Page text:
In Board of Education, the Board of Education of Newark ("Board") was a participating employer in the State Health Benefits Plan ("Plan"). Id. at 271, 678 A.2d 660. The Board requested that the State Health Benefits Commission ("Commission") provide it with information on medical claims paid by the Plan on behalf of the Board's employees. Id. at 271-72, 678 A.2d 660. The New Jersey State Health Benefits Program Act ("Act") requires that the Commission prepare an annual report "showing the fiscal transactions of the program for the preceding year and stating other facts pertaining to the plan." N.J.S.A. 52:14-17.27. The Act, however, does not require that the annual report list the claims paid for each employer participating in the Plan. Nor is the Commission required to compile the claims histories of each participating employer to fulfill its statutory duties with respect to the report.
The Court held that the information that the Board ultimately sought, the amount of claims paid on behalf of its own employees, did not constitute a Right-to-Know document because it was not required by law to be made, maintained, or kept on file. Board of Educ., supra, 145 N.J. at 277, 678 A.2d 660. The Court decided not to reach the issue of whether the unsegregated data of individual claims, which are necessary to prepare the aggregate
Notwithstanding the fact that the Board of Education case left the burning issue unanswered, this Court has consistently held that the Right-to-Know Law's definition of a public record is narrow and is to be strictly construed. Higg-A-Rella, supra, 141 N.J. at 44, 660 A.2d 1163. In Nero v. Hyland, 76 N.J. 213, 386 A.2d 846 (1978), this Court rejected "any expansion of the plain wording of the definition of public record under" the RTKL. Id. at 221, 386 A.2d 846.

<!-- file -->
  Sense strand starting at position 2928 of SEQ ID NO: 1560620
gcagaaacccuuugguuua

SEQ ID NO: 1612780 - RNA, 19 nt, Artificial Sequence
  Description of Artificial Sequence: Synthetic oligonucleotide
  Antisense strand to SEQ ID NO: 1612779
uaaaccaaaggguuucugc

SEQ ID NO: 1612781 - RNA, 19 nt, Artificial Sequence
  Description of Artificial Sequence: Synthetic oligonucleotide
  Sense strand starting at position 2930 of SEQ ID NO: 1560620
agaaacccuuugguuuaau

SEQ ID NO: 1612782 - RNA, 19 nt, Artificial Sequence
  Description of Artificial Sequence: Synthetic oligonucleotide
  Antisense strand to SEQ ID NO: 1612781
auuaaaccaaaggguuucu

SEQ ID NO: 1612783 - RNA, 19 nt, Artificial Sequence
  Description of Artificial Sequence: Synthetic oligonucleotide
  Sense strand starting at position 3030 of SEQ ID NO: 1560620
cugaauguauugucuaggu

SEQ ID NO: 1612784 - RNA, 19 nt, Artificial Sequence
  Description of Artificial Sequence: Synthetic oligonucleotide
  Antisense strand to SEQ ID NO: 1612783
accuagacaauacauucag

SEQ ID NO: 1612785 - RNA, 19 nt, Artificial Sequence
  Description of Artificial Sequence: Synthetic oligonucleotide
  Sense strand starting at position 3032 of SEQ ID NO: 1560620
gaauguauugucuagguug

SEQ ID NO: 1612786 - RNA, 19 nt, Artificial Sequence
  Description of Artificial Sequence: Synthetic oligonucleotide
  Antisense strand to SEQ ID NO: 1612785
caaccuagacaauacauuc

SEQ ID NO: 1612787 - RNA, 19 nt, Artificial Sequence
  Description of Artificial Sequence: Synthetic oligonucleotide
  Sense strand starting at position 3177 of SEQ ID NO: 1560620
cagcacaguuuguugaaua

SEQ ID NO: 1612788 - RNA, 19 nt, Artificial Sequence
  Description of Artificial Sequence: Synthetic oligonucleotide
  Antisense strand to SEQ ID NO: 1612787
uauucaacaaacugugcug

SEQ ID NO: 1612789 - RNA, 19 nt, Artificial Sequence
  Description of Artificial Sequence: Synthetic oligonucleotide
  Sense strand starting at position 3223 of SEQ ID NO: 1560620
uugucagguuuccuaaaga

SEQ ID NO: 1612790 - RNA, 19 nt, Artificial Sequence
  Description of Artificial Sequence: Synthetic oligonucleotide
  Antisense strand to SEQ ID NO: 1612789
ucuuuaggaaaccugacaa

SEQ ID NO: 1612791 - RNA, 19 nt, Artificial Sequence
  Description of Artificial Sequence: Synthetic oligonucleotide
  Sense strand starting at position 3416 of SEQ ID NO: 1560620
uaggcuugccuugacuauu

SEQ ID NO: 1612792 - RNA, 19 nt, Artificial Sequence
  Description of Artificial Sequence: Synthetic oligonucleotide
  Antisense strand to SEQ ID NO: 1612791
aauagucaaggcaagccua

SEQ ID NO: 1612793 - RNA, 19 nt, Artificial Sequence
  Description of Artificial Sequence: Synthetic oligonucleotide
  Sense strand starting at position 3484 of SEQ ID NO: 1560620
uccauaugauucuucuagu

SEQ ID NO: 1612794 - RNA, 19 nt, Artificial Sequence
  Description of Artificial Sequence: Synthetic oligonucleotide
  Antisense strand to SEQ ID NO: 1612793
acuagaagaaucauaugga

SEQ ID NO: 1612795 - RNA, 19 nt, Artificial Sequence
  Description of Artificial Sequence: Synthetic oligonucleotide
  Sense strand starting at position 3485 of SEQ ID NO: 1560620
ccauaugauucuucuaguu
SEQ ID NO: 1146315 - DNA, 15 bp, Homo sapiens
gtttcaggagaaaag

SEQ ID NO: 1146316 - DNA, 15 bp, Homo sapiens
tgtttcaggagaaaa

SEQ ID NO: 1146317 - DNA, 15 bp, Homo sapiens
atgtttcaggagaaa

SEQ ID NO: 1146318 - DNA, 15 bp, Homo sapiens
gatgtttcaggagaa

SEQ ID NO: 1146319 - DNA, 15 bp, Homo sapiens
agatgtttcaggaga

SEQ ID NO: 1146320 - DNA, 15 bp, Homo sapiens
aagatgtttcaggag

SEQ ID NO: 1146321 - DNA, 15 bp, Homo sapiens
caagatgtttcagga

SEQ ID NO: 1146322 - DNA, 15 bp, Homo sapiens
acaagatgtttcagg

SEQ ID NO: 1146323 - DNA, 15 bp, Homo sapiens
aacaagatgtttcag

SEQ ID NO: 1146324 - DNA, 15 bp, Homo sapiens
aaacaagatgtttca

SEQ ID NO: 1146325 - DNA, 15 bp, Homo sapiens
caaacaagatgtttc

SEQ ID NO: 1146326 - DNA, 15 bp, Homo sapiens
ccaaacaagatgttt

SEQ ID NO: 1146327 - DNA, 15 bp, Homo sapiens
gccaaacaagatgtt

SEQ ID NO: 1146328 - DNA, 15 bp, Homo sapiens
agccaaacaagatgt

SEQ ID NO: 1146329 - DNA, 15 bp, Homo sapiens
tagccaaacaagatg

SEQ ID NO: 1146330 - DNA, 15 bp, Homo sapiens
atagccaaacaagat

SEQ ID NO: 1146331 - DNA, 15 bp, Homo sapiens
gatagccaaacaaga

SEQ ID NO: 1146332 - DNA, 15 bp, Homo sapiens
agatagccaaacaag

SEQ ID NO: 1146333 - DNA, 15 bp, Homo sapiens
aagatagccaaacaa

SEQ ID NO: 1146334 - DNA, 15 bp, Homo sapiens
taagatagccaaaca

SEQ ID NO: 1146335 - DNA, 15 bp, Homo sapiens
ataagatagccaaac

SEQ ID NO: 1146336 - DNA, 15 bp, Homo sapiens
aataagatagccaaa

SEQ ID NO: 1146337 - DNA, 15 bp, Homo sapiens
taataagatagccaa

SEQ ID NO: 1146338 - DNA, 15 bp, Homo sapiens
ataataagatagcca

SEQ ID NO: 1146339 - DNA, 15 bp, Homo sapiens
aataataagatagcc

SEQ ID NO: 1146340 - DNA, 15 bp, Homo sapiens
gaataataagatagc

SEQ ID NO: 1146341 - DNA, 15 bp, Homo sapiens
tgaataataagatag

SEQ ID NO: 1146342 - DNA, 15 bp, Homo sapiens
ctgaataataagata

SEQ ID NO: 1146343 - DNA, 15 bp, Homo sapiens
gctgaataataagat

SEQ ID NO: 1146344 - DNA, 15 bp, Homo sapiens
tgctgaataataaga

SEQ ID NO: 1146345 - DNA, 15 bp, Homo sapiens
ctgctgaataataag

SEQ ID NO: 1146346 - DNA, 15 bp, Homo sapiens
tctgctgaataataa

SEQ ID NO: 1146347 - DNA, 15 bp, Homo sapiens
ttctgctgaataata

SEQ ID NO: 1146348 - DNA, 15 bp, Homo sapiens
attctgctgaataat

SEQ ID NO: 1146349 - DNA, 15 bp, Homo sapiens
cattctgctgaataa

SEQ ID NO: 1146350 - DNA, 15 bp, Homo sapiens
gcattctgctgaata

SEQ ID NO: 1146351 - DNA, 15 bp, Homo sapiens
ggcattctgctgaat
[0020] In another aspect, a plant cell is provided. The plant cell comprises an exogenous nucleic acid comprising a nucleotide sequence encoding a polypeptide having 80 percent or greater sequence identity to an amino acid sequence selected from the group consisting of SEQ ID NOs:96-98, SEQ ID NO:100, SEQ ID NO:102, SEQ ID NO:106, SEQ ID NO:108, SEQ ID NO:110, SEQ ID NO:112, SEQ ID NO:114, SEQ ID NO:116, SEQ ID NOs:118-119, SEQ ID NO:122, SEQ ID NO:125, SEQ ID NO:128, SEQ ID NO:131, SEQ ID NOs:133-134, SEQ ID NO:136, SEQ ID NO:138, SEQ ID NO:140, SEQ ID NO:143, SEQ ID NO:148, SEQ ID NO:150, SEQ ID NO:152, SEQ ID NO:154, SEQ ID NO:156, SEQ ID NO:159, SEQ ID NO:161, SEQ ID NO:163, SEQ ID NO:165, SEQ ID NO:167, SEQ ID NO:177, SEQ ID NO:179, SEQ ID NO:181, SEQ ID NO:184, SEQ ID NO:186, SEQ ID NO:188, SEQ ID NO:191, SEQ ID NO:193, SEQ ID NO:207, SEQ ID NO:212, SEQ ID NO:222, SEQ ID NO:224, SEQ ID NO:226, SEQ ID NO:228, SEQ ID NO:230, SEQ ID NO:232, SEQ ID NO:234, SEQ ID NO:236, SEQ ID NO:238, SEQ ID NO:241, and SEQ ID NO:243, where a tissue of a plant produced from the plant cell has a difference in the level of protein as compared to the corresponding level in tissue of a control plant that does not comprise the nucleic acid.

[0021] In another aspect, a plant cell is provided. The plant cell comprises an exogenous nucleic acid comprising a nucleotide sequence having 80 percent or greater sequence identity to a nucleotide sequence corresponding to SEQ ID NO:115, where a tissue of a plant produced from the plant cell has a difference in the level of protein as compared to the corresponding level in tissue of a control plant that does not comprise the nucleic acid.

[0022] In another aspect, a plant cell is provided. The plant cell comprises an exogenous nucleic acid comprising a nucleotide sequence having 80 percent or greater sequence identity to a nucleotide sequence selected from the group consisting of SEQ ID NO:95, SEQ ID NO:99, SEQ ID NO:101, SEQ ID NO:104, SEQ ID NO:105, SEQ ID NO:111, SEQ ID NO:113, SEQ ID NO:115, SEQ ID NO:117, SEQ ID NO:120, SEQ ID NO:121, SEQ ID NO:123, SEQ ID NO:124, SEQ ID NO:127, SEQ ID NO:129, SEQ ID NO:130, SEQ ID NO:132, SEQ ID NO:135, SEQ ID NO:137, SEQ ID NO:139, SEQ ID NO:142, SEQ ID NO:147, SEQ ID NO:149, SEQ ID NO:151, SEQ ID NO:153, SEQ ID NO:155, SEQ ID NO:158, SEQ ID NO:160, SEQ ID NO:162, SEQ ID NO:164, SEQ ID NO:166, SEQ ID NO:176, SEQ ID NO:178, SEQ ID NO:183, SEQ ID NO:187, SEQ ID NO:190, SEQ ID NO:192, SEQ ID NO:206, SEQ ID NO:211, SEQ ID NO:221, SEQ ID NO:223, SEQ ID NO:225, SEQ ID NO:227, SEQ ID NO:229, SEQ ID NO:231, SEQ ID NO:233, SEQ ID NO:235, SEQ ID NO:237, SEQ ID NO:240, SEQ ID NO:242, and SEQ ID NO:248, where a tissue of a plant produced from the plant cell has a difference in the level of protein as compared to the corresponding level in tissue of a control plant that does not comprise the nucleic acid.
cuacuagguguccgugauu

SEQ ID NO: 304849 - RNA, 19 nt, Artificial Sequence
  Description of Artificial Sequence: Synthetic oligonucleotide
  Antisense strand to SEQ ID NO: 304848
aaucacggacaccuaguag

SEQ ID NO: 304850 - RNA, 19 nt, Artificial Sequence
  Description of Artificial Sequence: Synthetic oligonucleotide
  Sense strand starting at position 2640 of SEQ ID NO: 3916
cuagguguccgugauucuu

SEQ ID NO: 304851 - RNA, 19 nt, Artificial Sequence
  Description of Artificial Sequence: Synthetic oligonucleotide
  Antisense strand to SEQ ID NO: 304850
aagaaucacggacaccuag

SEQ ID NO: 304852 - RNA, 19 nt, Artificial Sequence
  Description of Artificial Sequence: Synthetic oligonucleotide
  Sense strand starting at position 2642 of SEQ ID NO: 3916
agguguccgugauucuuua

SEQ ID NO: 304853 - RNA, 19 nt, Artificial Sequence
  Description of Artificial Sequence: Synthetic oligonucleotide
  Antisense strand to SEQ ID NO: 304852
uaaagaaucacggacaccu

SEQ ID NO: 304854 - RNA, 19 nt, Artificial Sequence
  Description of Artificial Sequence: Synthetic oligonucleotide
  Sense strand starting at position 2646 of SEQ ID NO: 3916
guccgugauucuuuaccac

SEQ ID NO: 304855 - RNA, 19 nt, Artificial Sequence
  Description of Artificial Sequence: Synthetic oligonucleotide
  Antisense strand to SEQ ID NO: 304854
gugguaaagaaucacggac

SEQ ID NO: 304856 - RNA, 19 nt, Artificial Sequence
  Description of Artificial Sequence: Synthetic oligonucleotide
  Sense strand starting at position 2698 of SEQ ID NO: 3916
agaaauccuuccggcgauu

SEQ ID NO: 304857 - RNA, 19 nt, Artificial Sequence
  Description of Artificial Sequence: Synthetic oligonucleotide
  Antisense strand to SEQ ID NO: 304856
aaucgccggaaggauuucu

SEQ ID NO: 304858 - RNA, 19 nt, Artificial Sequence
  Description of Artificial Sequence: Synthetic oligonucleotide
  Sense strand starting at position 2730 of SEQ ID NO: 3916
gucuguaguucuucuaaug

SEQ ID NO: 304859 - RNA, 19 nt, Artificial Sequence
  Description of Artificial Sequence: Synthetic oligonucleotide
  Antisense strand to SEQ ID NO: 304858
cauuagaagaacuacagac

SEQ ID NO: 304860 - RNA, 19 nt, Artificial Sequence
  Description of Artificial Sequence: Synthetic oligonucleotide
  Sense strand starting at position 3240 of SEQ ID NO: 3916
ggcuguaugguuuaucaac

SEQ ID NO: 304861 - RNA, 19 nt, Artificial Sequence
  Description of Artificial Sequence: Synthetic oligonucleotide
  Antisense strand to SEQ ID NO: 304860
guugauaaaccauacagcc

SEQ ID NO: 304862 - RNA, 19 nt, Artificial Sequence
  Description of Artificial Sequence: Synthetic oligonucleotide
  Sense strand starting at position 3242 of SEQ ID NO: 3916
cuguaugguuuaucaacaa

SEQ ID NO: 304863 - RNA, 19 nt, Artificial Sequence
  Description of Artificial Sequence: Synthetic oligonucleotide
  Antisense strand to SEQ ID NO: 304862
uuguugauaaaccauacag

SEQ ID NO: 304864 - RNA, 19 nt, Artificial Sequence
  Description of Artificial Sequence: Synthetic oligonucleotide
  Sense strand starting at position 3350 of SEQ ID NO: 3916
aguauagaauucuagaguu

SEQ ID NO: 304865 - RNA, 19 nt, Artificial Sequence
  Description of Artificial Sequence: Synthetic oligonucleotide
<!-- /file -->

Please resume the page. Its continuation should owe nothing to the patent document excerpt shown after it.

In Nero, former Governor Byrne had considered appointing the plaintiff to a position on the New Jersey Lottery Commission. Id. at 216, 386 A.2d 846. When the appointment was not announced, Governor Byrne was asked at a news conference why he had not appointed the plaintiff. Id. at 217, 386 A.2d 846. The thrust of the Governor's response was that the plaintiff had not been appointed because the then Attorney General was concerned over certain information regarding the plaintiff's background that was uncovered in the standard background check. Ibid. Subsequently, the plaintiff sought access to the background check information under the RTKL and the common law. Ibid.
The Nero Court held that the trial court and the Appellate Division incorrectly expanded the Right-to-Know Law's definition of a public record to make that definition coextensive with the definition of a public record found in the Destruction of Public Records Law, N.J.S.A. 47:3-16. Nero, supra, 76 N.J. at 221, 386 A.2d 846. That statute defines a public record as:
Atlantic City Convention Center Authority v. South Jersey Publishing Co., 135 N.J. 53, 637 A.2d 1261 (1994), held that audio tapes of a closed session of the Authority were not Right-to-Know public documents. Id. at 64, 637 A.2d 1261. Under the Open Public Meetings Act, N.J.S.A. 10:4-6 to -21, public agencies are required to keep minutes of their meetings, but there is no requirement that the sessions be tape-recorded. Atlantic City, supra, 135 N.J. at 63, 637 A.2d 1261. The fact that the Authority used the audio tapes merely as a convenience for its own purposes in preparing the official minutes did not convert the audio tapes into Right-to-Know public documents. Ibid.
Similarly, in Higg-A-Rella the Court held that computer tapes of municipal tax assessments were not Right-to-Know public records because the defendants were required by law only to make and maintain a hard copy of the list. Higg-A-Rella, supra, 141 N.J. at 44-45, 660 A.2d 1163. Because no law required the defendants to make the computer tape, the plaintiffs had a right to only a printed copy generated from the computer tapes. Ibid.
In North Jersey Newspapers, the Court also concluded that telephone bills and car-phone bills of the Passaic County Board of Chosen Freeholders office were not public documents under the RTKL. North Jersey Newspapers, supra, 127 N.J. at 15, 601 A.2d 693. The fact that the Local Fiscal Affairs Law, N.J.S.A. 40A:5-1 to -42, required a party submitting a voucher to include a detailed bill of items sought to be paid did not make the telephone and car-phone bills public documents under the RTKL. North Jersey Newspapers, supra, 127 N.J. at 14-15, 601 A.2d 693.